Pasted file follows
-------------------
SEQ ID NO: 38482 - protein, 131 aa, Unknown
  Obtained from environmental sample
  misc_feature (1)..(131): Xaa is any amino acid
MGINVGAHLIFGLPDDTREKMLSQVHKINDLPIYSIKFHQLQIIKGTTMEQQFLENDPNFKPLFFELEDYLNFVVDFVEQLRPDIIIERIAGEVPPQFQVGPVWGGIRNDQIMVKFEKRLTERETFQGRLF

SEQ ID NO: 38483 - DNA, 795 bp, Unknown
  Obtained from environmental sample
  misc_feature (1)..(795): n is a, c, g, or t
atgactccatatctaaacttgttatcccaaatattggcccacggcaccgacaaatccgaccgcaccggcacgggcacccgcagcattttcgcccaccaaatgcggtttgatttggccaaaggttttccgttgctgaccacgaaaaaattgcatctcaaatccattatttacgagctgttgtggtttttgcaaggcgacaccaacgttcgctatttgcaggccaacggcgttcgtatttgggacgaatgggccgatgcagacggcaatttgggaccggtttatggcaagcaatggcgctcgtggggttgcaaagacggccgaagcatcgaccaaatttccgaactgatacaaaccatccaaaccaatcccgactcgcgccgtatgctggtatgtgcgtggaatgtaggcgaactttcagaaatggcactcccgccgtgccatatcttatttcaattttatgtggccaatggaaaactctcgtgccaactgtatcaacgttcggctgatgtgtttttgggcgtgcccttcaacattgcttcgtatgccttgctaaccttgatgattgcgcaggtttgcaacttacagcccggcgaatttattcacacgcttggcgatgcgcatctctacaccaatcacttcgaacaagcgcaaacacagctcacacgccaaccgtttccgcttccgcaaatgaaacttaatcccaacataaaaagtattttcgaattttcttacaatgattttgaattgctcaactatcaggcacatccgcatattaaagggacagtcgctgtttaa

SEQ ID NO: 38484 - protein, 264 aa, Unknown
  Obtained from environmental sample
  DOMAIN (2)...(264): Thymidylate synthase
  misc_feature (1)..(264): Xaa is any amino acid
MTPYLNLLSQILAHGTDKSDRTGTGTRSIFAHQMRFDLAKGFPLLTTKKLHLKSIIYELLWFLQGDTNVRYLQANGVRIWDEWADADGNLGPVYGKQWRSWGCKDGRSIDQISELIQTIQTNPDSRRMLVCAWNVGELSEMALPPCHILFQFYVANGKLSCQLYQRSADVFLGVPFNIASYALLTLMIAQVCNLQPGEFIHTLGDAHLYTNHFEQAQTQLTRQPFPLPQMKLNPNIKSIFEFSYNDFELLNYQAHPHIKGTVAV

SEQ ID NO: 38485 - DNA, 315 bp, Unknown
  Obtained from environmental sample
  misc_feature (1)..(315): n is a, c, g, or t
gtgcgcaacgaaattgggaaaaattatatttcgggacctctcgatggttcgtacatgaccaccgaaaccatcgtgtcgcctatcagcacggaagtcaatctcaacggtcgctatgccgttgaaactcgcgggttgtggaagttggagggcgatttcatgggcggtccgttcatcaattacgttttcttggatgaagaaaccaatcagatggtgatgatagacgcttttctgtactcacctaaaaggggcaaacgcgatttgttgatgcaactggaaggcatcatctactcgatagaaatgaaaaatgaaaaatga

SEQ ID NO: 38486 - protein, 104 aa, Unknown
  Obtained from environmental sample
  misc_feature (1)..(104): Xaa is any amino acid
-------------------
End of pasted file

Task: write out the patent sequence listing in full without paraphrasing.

SEQ ID NO: 38482 - protein, 131 aa, Unknown
  Obtained from environmental sample
  misc_feature (1)..(131): Xaa is any amino acid
MGINVGAHLIFGLPDDTREKMLSQVHKINDLPIYSIKFHQLQIIKGTTMEQQFLENDPNFKPLFFELEDYLNFVVDFVEQLRPDIIIERIAGEVPPQFQVGPVWGGIRNDQIMVKFEKRLTERETFQGRLF

SEQ ID NO: 38483 - DNA, 795 bp, Unknown
  Obtained from environmental sample
  misc_feature (1)..(795): n is a, c, g, or t
atgactccatatctaaacttgttatcccaaatattggcccacggcaccgacaaatccgaccgcaccggcacgggcacccgcagcattttcgcccaccaaatgcggtttgatttggccaaaggttttccgttgctgaccacgaaaaaattgcatctcaaatccattatttacgagctgttgtggtttttgcaaggcgacaccaacgttcgctatttgcaggccaacggcgttcgtatttgggacgaatgggccgatgcagacggcaatttgggaccggtttatggcaagcaatggcgctcgtggggttgcaaagacggccgaagcatcgaccaaatttccgaactgatacaaaccatccaaaccaatcccgactcgcgccgtatgctggtatgtgcgtggaatgtaggcgaactttcagaaatggcactcccgccgtgccatatcttatttcaattttatgtggccaatggaaaactctcgtgccaactgtatcaacgttcggctgatgtgtttttgggcgtgcccttcaacattgcttcgtatgccttgctaaccttgatgattgcgcaggtttgcaacttacagcccggcgaatttattcacacgcttggcgatgcgcatctctacaccaatcacttcgaacaagcgcaaacacagctcacacgccaaccgtttccgcttccgcaaatgaaacttaatcccaacataaaaagtattttcgaattttcttacaatgattttgaattgctcaactatcaggcacatccgcatattaaagggacagtcgctgtttaa

SEQ ID NO: 38484 - protein, 264 aa, Unknown
  Obtained from environmental sample
  DOMAIN (2)...(264): Thymidylate synthase
  misc_feature (1)..(264): Xaa is any amino acid
MTPYLNLLSQILAHGTDKSDRTGTGTRSIFAHQMRFDLAKGFPLLTTKKLHLKSIIYELLWFLQGDTNVRYLQANGVRIWDEWADADGNLGPVYGKQWRSWGCKDGRSIDQISELIQTIQTNPDSRRMLVCAWNVGELSEMALPPCHILFQFYVANGKLSCQLYQRSADVFLGVPFNIASYALLTLMIAQVCNLQPGEFIHTLGDAHLYTNHFEQAQTQLTRQPFPLPQMKLNPNIKSIFEFSYNDFELLNYQAHPHIKGTVAV

SEQ ID NO: 38485 - DNA, 315 bp, Unknown
  Obtained from environmental sample
  misc_feature (1)..(315): n is a, c, g, or t
gtgcgcaacgaaattgggaaaaattatatttcgggacctctcgatggttcgtacatgaccaccgaaaccatcgtgtcgcctatcagcacggaagtcaatctcaacggtcgctatgccgttgaaactcgcgggttgtggaagttggagggcgatttcatgggcggtccgttcatcaattacgttttcttggatgaagaaaccaatcagatggtgatgatagacgcttttctgtactcacctaaaaggggcaaacgcgatttgttgatgcaactggaaggcatcatctactcgatagaaatgaaaaatgaaaaatga

SEQ ID NO: 38486 - protein, 104 aa, Unknown
  Obtained from environmental sample
  misc_feature (1)..(104): Xaa is any amino acid